We can give both a short answer and a long one. The short answer is that many Christian scholars have for a long time embraced a Christianity that is almost exclusively “from the neck up.” That is, theirs is a cognitive faith, one where reason reigns supreme. They are usually fine exegetes and theologians, able to defend the faith and articulate their views in a coherent, biblical, profound, and logical way. But (without naming names) many of these savants have lost their love for Christ. They love the Bible and know it inside and out. But their soul has become impoverished. They love God with their mind only; that is the extent of their spiritual obligation as they see it. In fact, for them, personal experience–especially of a charismatic sort–is anathema. It has no place in the Christian life. Study of the Bible so that they can control the text is what the Christian life is all about.

But when crisis comes–such as the death of a loved one, a teenage daughter’s pregnancy, or some major upheaval in their church ministries–their answers appear shallow and contrived, both to others and themselves. They have the inability to hurt with the hurting, though they know all the right verses on suffering! They begin to search for answers themselves, answers of an entirely different sort. Often, in the crucible of the crisis, they attend a charismatic meeting. And there, a “prophet” reveals something about their life. They are both amazed at the prophecy and deeply touched at the perception into their own condition. (Of course, cognitive types almost always marvel when other, more sensitive people, intuitively recognize traits and characteristics, internal workings and struggles in others.) Their souls get drenched with an emotional infusion that had been quenched for too long. It doesn’t take long before they hold hands with those whom they used to oppose, even to the point of now leading charismatic groups. They in fact become the theologians of a new breed of charismatic, giving a rather sophisticated rationale for charismata. In the process, they have gone through a paradigm shift: their final authority is no longer reasoning about the Scriptures; now it is personal experience.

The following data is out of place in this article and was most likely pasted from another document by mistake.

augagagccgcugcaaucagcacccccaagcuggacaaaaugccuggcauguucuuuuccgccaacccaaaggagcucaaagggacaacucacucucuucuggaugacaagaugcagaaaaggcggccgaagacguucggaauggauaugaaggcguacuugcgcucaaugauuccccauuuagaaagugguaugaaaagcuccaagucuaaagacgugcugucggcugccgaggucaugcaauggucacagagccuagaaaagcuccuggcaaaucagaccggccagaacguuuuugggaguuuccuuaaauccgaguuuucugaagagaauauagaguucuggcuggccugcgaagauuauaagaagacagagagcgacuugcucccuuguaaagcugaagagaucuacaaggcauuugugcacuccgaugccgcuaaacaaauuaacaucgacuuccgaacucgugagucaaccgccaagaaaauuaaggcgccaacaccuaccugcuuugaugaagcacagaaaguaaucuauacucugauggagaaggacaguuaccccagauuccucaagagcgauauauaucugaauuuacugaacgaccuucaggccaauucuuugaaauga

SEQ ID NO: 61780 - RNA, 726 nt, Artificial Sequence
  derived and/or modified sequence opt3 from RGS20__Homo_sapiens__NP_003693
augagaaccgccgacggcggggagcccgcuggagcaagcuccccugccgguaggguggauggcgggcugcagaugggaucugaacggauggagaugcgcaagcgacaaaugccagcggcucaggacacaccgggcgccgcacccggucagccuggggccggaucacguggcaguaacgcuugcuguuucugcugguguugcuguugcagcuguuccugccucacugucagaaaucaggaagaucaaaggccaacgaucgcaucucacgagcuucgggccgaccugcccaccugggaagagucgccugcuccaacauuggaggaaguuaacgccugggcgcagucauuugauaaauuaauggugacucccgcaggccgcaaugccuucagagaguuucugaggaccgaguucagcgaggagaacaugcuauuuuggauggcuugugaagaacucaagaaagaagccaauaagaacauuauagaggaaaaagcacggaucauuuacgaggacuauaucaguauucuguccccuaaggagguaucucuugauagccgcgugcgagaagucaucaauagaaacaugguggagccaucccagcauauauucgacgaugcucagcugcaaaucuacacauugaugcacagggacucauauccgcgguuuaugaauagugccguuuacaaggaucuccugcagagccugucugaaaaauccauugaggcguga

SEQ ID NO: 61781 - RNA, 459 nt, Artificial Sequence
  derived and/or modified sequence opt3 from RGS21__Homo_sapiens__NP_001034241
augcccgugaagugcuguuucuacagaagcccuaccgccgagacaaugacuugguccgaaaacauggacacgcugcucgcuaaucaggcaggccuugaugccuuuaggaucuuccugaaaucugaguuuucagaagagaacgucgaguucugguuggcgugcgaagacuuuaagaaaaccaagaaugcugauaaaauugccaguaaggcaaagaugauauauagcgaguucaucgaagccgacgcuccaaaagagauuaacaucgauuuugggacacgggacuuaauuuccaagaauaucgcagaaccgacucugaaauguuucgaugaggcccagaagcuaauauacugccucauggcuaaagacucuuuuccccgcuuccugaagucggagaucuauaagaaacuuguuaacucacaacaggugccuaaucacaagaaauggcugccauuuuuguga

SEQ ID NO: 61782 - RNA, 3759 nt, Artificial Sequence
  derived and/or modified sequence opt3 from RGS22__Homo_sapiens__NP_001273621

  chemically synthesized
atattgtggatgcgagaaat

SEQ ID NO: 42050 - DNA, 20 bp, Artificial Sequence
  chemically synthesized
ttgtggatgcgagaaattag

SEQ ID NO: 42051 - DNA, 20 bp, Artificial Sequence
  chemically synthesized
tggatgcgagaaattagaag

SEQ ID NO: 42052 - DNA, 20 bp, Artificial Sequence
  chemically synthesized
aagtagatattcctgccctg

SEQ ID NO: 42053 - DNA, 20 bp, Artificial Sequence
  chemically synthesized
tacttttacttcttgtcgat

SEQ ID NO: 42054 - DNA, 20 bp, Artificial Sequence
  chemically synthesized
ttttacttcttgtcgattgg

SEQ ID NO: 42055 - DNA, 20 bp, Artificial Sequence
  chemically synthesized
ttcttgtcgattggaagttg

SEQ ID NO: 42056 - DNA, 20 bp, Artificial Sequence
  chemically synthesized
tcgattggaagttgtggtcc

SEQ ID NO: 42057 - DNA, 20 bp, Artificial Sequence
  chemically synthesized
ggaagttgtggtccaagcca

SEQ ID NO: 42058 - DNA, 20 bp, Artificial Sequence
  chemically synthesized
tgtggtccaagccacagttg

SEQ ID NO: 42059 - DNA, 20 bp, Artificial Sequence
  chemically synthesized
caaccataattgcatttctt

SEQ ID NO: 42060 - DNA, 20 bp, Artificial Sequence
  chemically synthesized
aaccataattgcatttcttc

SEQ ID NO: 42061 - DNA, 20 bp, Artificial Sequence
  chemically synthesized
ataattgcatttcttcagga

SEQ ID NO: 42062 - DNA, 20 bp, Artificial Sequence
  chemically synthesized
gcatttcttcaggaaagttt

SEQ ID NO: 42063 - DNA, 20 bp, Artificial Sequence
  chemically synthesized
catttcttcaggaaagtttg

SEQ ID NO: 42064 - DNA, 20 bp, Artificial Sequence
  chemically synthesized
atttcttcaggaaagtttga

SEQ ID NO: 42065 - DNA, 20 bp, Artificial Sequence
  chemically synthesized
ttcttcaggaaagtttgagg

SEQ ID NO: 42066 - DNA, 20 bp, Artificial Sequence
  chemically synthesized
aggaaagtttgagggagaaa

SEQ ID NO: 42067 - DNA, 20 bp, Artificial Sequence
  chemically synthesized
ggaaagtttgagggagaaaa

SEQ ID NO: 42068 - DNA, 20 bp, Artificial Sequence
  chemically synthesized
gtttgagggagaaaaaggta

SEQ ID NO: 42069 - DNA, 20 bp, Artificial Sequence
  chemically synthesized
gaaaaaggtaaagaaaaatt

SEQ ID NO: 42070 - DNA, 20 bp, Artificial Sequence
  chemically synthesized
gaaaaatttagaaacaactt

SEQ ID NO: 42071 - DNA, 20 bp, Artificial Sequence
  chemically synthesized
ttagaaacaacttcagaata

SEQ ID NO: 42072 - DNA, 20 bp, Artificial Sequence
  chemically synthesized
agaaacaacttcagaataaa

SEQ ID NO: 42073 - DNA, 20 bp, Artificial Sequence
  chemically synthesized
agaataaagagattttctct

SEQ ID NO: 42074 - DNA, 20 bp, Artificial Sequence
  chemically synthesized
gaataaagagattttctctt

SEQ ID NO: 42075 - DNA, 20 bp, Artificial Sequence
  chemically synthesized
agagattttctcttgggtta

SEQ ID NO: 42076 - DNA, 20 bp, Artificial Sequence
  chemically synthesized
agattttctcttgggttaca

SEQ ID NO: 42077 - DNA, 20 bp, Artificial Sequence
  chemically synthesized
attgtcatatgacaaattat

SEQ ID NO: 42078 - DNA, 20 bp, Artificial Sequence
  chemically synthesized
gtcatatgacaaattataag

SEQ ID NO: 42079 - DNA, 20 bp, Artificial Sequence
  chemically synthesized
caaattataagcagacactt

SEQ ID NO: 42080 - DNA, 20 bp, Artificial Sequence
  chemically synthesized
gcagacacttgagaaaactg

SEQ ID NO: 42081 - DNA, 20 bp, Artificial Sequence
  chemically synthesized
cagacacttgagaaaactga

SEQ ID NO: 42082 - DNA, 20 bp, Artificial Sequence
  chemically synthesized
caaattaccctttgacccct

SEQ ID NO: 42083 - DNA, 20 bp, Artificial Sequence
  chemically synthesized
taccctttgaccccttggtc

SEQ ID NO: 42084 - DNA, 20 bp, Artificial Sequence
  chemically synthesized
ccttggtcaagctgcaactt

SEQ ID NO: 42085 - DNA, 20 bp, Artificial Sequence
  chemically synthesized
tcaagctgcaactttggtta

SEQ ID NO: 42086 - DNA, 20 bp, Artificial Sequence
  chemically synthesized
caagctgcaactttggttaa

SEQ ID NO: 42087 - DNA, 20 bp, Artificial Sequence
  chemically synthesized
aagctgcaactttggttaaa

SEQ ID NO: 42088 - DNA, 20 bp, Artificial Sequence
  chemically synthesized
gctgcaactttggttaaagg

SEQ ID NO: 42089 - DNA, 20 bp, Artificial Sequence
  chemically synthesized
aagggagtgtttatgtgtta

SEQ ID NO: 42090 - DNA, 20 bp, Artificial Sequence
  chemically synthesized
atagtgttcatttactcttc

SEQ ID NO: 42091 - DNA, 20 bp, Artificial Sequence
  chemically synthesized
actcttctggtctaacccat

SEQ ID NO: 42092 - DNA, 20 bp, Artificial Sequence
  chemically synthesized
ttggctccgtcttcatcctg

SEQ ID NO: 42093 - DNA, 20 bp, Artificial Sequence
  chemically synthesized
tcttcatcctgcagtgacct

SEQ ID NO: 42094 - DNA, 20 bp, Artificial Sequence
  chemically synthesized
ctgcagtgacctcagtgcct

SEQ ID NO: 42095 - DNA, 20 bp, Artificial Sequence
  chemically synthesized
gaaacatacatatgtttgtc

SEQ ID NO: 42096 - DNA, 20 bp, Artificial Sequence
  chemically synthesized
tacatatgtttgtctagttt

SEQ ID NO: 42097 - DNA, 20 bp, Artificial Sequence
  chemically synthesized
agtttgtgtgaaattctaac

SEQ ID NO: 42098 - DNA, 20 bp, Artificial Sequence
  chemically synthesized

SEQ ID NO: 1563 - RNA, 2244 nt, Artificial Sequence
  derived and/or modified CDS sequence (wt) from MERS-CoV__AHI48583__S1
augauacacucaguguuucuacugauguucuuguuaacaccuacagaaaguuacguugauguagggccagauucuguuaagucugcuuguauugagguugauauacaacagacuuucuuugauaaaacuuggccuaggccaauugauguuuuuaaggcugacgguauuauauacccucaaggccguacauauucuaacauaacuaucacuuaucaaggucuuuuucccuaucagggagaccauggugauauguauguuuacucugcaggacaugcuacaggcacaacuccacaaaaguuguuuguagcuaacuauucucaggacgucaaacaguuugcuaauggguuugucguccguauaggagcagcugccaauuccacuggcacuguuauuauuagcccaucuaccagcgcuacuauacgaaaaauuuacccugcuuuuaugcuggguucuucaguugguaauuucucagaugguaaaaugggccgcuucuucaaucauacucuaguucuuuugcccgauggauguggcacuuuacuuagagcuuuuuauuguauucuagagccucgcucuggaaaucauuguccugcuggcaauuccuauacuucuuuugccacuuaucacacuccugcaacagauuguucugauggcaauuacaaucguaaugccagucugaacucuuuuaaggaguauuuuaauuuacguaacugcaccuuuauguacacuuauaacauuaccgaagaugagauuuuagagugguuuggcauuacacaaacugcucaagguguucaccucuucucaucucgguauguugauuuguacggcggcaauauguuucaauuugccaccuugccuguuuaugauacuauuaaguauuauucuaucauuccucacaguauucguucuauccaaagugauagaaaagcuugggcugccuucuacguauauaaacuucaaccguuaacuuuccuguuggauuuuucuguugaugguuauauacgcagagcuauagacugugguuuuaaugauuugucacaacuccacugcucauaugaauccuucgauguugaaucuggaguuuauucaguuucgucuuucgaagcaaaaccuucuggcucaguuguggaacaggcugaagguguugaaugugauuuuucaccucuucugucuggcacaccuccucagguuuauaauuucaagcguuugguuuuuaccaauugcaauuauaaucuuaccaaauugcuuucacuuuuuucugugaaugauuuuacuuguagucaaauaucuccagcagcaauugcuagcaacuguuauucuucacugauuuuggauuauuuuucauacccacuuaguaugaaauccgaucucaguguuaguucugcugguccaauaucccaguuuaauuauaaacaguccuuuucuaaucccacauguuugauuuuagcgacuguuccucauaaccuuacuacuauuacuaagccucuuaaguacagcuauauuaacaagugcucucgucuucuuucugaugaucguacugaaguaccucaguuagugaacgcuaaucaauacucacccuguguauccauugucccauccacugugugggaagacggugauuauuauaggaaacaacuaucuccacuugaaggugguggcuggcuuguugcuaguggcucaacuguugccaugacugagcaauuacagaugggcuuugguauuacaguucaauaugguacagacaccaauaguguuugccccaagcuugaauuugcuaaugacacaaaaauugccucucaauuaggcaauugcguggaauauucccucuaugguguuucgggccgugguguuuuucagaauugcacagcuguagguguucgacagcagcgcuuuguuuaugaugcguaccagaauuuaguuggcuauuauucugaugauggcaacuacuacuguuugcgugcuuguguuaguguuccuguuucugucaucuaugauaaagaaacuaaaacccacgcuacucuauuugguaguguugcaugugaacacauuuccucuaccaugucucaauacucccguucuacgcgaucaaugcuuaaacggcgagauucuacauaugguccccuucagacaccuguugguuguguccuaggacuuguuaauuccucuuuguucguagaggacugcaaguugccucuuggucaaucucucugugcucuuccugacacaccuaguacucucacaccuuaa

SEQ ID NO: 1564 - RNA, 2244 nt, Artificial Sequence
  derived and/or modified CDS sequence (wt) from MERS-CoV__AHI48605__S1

Because of a crisis, personal, spiritual experience has replaced reason as the authority that guides their lives. They have exchanged, in some measure, their heart for their mind.2 That’s the short answer.

The Age of Epistemological Narcissism